Sunday, March 26, 2017

Ulnar Dimelia

Ulnar dimelia is a rare congenital disorder characterized by duplication of the ulna, absence of the radius, and polydactyly. Patients can also have arterial anomalies, such as absence of the radial artery, duplication of the ulnar artery, and abnormal arterial arches in the hand. Nerve anomalies may also be present and include shortening of the radial nerve and duplication of ulnar nerve (with or without connections to the median nerve)

Radiopaedia has some great images of type I ulnar dimelia

Distinguishing features of the two types of ulnar dimelia
Feature Type I Type II
Index finger 1 2
Lunate 1 2
Trapezoid 1 2

References

  • Afshar A. Ulnar dimelia without duplicated arterial anatomy. J Bone Joint Surg Br. 2010 Feb;92(2):293-6. doi: 10.1302/0301-620X.92B2.23057.
  • Tomaszewski R, Bulandra A. Ulnar dimelia-diagnosis and management of a rare congenital anomaly of the upper limb. J Orthop. 2015 Feb 18;12(Suppl 1):S121-4.

Sunday, March 19, 2017

Chondroblastoma


General

  • Terminology: “giant cell variant” (1927) → epiphyseal chondromatous giant cell tumor → calcifying giant cell tumor → chondroblastoma
  • 1% to 2% of all primary bone tumors
  • 9% of all benign bone tumors
  • Mean age of 15-18 years
  • M >>F
  • Mean duration of symptoms 8.7 months
  • Trivia: Most common benign neoplasm of the patella

Imaging Features

  • Epiphysis/apophysis +/- metaphyseal/diaphyseal involvement
  • Metaphyseal/diaphyseal occurrence without epiphyseal/apophyseal involvement exceptionally rare
  • Proximal tibia >> proximal femur > distal femur > proximal humerus
  • Well-defined, sclerotic margins on radiographs
  • Can involve the cortex, resulting in expansion, thinning, or disruption.
  • Stippled matrix calcification seen in minority of cases
  • Periosteal reaction seen in majority of cases
  • Extensive peri-lesional edema on MRI is common
  • Homogeneously hypointense on T1
  • Variable on T2: can be diffusely hypointense, or have small cystic areas of increased T2 signal or fluid-fluid levels
  • Heterogeneous and moderate enhancement in solid portions. Less commonly, homogeneous and marked enhancement

Differential Diagnosis

Management/Prognosis

  • Curettage or resection
  • RFA (small lesions, small series, not common)
  • Local recurrence rate: 5.0% after curettage
  • Local recurrence rate: 0% after resection
  • Recurrence most frequent in the proximal humerus
  • Malignant transformation and benign pulmonary metastases extremely rare

References

Sunday, March 12, 2017

Fat-containing bone lesions


The presence of fat within a bone lesion is almost always reassuring, although rare exceptions exist. The following differential diagnosis is based on a combination of published papers and my own anecdotal experience:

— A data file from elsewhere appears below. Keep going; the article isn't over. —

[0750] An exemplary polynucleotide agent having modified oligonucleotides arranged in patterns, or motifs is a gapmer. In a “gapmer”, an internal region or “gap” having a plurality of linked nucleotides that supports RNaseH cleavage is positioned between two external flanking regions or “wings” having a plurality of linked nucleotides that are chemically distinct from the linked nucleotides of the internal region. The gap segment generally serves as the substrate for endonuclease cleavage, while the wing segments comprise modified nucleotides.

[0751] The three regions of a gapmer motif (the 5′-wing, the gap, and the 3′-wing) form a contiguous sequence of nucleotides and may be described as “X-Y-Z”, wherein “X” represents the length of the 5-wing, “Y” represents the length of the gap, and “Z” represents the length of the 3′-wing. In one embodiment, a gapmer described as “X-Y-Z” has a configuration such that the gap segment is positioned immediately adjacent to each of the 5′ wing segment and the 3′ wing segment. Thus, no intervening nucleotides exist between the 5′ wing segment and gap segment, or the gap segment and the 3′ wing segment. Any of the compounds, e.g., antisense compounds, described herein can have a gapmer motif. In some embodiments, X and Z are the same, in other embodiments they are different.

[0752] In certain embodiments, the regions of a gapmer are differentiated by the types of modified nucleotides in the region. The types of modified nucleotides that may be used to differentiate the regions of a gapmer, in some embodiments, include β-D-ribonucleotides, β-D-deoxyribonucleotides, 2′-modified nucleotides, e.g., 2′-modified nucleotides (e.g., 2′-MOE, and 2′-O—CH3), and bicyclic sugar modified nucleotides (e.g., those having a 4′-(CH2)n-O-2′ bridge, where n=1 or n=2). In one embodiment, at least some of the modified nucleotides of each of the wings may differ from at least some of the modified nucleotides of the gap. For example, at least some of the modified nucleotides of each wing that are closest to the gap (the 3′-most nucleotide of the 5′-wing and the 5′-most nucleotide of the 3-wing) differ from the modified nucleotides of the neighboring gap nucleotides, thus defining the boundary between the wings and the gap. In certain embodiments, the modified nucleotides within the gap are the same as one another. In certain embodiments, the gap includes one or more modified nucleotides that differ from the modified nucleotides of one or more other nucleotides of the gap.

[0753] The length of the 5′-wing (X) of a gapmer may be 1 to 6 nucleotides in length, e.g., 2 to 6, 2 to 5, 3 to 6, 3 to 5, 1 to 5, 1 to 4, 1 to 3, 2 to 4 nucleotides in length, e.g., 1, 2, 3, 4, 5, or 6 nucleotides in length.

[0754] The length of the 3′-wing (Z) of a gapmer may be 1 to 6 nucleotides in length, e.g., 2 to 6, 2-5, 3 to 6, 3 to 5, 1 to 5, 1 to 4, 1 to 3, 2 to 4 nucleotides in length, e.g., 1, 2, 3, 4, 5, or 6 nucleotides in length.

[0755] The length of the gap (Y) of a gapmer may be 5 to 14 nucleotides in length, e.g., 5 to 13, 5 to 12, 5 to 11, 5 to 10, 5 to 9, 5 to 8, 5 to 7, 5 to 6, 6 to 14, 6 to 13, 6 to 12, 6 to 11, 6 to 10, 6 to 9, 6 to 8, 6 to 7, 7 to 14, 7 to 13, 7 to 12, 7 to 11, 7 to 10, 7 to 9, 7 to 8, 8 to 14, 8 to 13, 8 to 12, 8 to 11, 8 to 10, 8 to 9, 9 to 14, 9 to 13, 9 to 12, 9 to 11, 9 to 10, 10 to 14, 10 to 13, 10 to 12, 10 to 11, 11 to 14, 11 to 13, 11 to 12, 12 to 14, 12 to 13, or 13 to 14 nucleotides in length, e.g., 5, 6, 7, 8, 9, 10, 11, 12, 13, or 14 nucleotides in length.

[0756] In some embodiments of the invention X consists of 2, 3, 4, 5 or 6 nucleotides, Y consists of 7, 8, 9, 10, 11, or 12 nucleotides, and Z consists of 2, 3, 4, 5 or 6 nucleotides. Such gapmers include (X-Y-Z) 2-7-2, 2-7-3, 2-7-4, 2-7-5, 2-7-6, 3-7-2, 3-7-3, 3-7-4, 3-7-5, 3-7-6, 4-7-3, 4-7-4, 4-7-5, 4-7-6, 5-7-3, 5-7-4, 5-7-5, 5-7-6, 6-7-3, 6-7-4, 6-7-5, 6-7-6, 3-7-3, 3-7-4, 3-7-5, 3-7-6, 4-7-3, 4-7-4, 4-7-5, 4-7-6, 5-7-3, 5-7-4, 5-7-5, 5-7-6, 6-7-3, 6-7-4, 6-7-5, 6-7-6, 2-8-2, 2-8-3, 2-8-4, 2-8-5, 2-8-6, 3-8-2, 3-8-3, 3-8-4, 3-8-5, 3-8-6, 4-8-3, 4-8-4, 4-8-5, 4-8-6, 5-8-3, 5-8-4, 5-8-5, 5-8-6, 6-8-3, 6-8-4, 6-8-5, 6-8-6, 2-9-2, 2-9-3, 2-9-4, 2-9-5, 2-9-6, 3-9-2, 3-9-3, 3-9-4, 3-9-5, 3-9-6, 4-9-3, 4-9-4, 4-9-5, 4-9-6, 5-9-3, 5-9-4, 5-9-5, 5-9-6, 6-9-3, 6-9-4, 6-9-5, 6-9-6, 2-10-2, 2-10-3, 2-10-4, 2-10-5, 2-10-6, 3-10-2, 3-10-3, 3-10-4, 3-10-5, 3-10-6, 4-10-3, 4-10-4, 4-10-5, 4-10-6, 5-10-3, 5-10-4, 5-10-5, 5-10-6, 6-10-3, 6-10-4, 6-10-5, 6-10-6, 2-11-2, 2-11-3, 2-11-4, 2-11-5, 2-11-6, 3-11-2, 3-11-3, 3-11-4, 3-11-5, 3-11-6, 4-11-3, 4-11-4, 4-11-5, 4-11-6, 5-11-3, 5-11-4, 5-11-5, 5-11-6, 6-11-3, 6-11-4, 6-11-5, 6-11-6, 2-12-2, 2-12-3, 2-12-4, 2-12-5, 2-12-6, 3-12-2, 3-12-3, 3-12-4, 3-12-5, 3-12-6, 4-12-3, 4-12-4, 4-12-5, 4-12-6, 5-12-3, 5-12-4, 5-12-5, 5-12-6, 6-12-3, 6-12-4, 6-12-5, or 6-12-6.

• Hemangioma:
  • Intra-osseous lipoma and lipoma variants, including fibrolipoma, angiolipoma and myelolipoma.
  • Enchondroma:
  • Liposclerosing myxofibrous tumor (LSMFT): Nearly all occur in the intertrochanteric region. Now felt to represent a variant of fibrous dysplasia.
  • Osteoporosis: Can give the appearance of lucent bone lesions on CT. These won't have defined margins, and measurement of internal attenuation will reveal the fatty nature of the lesion.
  • Bone infarction: Trivial, but included for the sake of completeness
  • Paget disease of bone:
  • Focal red marrow rest: Ill-defined, intermediate T1 signal. May contain subtle areas of internal fat.
  • Lymphoma: Not truly a fat-containing lesion, but can entrap fat as the tumor infiltrates marrow.
  • Sarcoid: The case above shows a patient with sarcoid and nodal, hepatic, and osseous involvement. Can have fuzzy margins ("brush border").
  • Treated metastasis: One of the ways metastases respond to therapy is by developing internal fat. Myeloma lesions can even entirely "disappear" due to fatty replacement.
  • Indolent metastases: Medullary thyroid cancer, adenoid cystic carcinoma.
  • Intra-osseous hibernoma: Rare.
  • Solid variant of aneurysmal bone cyst:
  • Nonossifying fibroma:
  • Erdheim-Chester disease:
  • Malignancy arising from a fat-containing lesion: For example, osteosarcoma arising from bone infarction or Paget.

References

Sunday, March 5, 2017

Subperiosteal hemorrhage in neurofibromatosis type 1



Neurofibromatosis type 1 (NF-1), in addition to a neuroectodermal disorder, is accompanied by mesodermal dysplasia that is accompanied by skeletal changes. The typical osseous findings include bowing of the legs, increase in length of long bones, pseudarthrosis, subperiosteal cyst formation, local bony erosions from adjacent lesions, and intramedullary neurofibromas. Except for the last two, which are due to direct involvement by neurofibromas, the remainder are due to dysplastic changes in bones.

A lesser known osseous presentation in bone is the propensity for subperiosteal hemorrhage and hematoma formation. The cause is unknown, but may be related to:
  • Vascular abnormalities: For example, diffuse flat hemangiomas or plexiform dilated veins, which have been described in patients with hypertrophy of the extremities
  • Dysplastic periosteum: The thinking is that mesodermal dysplasia manifests as an abnormally loose periosteum with poor callus response. This would predispose the patient to the formation and propagation of large subperiosteal hematomas.
  • Direct involvement by neurofibromas: Subperiosteal infiltration by neurofibromatous tissues may loosen the periosteum and allow for massive hemorrhage following minor trauma.

References